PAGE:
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NC with PIL for 10 years and now we've had a text...

(109 Posts)
LoveandLife Sat 23-Nov-13 09:51:38

We were married for 10 years before DH decided enough was enough and were always walking on eggshells. It was so easy to cause offence. e.g. MIL called when DS1 was 3 days old to complain that the Mother's Day card we sent was too small and there were loads of similar things.

What usually happened was that they would go off in a sulk and after a few days I or DH would call, smooth things over and we'd be back to normal, until the next time.

10 years ago, after MIL was "devastated" because my mum organised something lovely for DH's birthday (mum really loves her SIL smile ) DH decided he'd had enough and we didn't make the usual call. Although there have been occasional (often not very nice) emails since he hasn't seen or spoken to them in 10 years. They haven't seen their GC since they were 2yo and 6mo.

Anyway this week he's had a text. Their Golden anniversary is coming up. Will we go, let them know so they can make the booking? No mention of what the celebration is. No idea if it's just us, immediate family or a huge celebration.

I've said to DH I'll do whatever he wants but that I don't think meeting up for the first time in 10 years, in front of loads of people who (presumably) know we haven't spoken for 10 years is a good idea. If he/they want to reconcile there must be better ways...

He has decided he doesn't want to go and doesn't want to see/speak to them so he's going to decline by text.

He wants to send a lengthy text about why it's a bad idea. I think it would be better just to say no thanks.

WWYD?

I wish you the best of luck.

Your DH may well think he has done the right thing here, but equally he could well have opened a box that should have remained firmly closed. I sincerely hope his decision to text a reply does not come back to haunt him because he will blame himself.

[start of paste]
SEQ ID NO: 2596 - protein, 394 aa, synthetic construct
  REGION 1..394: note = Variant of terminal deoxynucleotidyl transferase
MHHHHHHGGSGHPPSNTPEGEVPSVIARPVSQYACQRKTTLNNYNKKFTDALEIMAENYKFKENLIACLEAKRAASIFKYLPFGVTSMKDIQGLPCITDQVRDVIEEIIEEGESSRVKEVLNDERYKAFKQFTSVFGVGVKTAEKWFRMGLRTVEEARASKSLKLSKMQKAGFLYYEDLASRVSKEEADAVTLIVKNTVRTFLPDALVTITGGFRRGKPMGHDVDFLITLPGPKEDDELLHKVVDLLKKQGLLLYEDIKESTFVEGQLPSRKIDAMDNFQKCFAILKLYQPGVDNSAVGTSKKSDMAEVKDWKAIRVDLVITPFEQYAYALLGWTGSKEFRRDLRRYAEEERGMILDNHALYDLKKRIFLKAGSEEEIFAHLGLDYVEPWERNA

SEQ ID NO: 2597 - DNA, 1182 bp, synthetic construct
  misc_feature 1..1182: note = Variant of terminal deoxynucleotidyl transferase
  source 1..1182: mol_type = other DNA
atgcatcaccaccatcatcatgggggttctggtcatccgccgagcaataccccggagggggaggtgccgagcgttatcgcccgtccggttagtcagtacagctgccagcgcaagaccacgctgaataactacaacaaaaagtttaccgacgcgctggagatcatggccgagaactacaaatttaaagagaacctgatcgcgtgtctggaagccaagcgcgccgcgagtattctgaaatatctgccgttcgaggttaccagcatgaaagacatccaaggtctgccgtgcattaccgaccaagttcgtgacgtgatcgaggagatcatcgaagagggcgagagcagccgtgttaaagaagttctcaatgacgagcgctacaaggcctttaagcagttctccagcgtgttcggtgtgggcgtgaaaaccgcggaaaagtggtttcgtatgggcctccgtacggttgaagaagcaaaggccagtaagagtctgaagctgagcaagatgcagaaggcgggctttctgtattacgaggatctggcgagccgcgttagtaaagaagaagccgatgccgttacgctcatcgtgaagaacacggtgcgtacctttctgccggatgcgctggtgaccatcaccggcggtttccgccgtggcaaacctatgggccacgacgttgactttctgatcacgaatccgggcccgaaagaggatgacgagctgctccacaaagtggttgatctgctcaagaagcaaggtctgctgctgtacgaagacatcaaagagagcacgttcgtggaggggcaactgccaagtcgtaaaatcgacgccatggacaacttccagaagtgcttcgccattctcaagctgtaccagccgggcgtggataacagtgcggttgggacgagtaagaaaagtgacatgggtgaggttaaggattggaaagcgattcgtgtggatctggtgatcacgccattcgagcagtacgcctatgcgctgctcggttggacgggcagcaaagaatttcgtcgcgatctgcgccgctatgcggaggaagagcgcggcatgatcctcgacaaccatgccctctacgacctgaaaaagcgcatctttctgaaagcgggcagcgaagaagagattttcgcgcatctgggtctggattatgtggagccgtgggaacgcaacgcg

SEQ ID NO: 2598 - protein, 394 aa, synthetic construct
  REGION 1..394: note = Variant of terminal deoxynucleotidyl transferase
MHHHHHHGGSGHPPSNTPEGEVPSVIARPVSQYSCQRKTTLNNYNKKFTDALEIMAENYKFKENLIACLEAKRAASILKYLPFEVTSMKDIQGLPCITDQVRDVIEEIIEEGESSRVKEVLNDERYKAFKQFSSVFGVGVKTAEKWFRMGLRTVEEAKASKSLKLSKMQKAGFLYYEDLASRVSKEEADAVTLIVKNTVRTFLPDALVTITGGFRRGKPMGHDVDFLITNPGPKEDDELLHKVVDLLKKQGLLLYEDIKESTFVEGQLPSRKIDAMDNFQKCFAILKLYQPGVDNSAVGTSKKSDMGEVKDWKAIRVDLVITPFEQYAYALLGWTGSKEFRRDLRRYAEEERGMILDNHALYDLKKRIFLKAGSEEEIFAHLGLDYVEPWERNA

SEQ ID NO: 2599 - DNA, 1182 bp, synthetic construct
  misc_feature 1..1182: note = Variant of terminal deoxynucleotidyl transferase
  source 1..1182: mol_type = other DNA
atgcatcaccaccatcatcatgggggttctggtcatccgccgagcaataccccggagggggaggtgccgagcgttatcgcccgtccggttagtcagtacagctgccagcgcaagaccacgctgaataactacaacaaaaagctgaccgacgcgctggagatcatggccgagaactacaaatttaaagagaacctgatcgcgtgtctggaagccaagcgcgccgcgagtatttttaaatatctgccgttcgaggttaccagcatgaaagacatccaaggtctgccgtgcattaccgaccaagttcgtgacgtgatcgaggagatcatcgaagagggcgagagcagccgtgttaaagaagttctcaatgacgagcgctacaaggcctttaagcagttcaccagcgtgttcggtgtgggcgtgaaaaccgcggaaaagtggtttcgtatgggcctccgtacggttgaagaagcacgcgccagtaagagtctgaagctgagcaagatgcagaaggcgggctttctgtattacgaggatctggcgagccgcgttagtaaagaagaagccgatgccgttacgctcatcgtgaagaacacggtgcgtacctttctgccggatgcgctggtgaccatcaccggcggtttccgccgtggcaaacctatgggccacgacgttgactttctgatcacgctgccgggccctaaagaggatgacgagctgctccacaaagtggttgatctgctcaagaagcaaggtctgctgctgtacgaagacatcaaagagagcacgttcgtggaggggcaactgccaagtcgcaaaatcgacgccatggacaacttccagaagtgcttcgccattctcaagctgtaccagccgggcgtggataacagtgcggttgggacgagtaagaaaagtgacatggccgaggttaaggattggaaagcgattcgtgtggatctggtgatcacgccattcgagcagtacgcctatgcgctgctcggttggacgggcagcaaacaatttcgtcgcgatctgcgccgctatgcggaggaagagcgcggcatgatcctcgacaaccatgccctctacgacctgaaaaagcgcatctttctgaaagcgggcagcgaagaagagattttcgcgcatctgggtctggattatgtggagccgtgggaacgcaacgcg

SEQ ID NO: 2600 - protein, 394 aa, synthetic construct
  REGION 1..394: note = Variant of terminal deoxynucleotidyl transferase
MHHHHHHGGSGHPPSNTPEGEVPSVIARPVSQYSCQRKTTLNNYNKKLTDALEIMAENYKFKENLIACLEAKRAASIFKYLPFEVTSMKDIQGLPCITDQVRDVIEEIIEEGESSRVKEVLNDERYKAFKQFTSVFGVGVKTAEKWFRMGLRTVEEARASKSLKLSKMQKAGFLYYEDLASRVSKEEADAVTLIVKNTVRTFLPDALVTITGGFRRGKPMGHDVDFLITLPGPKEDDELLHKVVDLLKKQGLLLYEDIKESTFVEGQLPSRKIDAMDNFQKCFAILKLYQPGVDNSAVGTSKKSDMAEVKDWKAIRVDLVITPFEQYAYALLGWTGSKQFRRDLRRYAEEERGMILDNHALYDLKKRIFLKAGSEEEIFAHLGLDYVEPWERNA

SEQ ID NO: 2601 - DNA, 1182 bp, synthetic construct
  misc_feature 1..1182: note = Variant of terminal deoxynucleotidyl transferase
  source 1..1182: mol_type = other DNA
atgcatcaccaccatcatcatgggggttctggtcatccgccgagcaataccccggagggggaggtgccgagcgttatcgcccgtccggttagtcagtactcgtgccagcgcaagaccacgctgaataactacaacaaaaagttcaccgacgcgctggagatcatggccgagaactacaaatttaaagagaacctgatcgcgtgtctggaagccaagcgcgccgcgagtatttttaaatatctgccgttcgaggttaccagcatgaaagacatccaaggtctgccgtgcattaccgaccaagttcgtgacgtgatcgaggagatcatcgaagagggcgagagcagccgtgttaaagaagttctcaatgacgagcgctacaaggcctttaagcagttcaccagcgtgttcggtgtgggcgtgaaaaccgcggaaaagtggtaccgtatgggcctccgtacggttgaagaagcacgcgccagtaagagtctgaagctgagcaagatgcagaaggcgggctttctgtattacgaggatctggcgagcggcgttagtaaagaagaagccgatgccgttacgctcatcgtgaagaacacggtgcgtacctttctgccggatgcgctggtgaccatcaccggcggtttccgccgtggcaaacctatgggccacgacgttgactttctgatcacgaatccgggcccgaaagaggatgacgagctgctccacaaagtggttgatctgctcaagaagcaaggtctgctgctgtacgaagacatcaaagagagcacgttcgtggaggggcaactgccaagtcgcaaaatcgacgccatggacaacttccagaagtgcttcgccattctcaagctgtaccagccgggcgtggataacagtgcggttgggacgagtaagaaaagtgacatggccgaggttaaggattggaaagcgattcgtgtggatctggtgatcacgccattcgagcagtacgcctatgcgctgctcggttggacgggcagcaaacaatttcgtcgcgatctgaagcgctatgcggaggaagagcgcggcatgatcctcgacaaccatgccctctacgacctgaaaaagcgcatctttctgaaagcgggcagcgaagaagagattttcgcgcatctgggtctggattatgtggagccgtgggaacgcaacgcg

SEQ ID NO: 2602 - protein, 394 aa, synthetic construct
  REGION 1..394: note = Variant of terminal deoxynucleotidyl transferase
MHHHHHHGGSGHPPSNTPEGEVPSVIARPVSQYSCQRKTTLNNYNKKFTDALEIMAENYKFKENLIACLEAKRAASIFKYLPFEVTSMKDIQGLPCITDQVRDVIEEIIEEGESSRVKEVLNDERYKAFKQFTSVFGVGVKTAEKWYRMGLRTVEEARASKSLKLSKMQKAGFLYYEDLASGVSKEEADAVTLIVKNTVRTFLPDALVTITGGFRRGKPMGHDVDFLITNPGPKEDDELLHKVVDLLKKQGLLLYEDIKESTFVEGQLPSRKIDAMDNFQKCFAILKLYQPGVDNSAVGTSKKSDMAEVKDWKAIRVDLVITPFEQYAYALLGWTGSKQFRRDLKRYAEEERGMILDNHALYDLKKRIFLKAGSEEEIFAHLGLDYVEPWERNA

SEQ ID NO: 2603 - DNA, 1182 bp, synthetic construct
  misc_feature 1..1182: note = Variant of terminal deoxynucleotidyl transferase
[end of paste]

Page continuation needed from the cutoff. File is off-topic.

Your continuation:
Many adults who were children of such toxic people still have FOG with regards to their parents - this is an acronym for fear, obligation, guilt. He may well have felt somewhat obligated/torn to reply to it because he did not want them calling your landline and possibly have his children answer the phone.

Do post further particularly if there is any further backlash from his parents.

PTFO Sat 23-Nov-13 11:43:32

Its very true about using you for photos then popping you back in the box and feeling like its all fake and very used. A photo is a second in time but it looks like it speaks volumes.

ie a photo of nana reading a gc a story, looks lovely and nana can show it off but in RL nana sat for one min and then announced she had better things to do leaving everyone in the room stunned and hurt. you see my point?

I would ignore the text, people like this don't change. 10 years isn't going to make a lot of difference in the world of toxic people, they unfortunetly remain the same!

Meerka Sat 23-Nov-13 12:46:25

I woudl think that actually, if there was a chance of reconciliation this is it. The advantage of a big gathering is that you don't have to have close contact; you can just smile, say hello and loose yourself in the crowd.

The Golden is also a big anniversary. So if you wanted to try, this might be the time.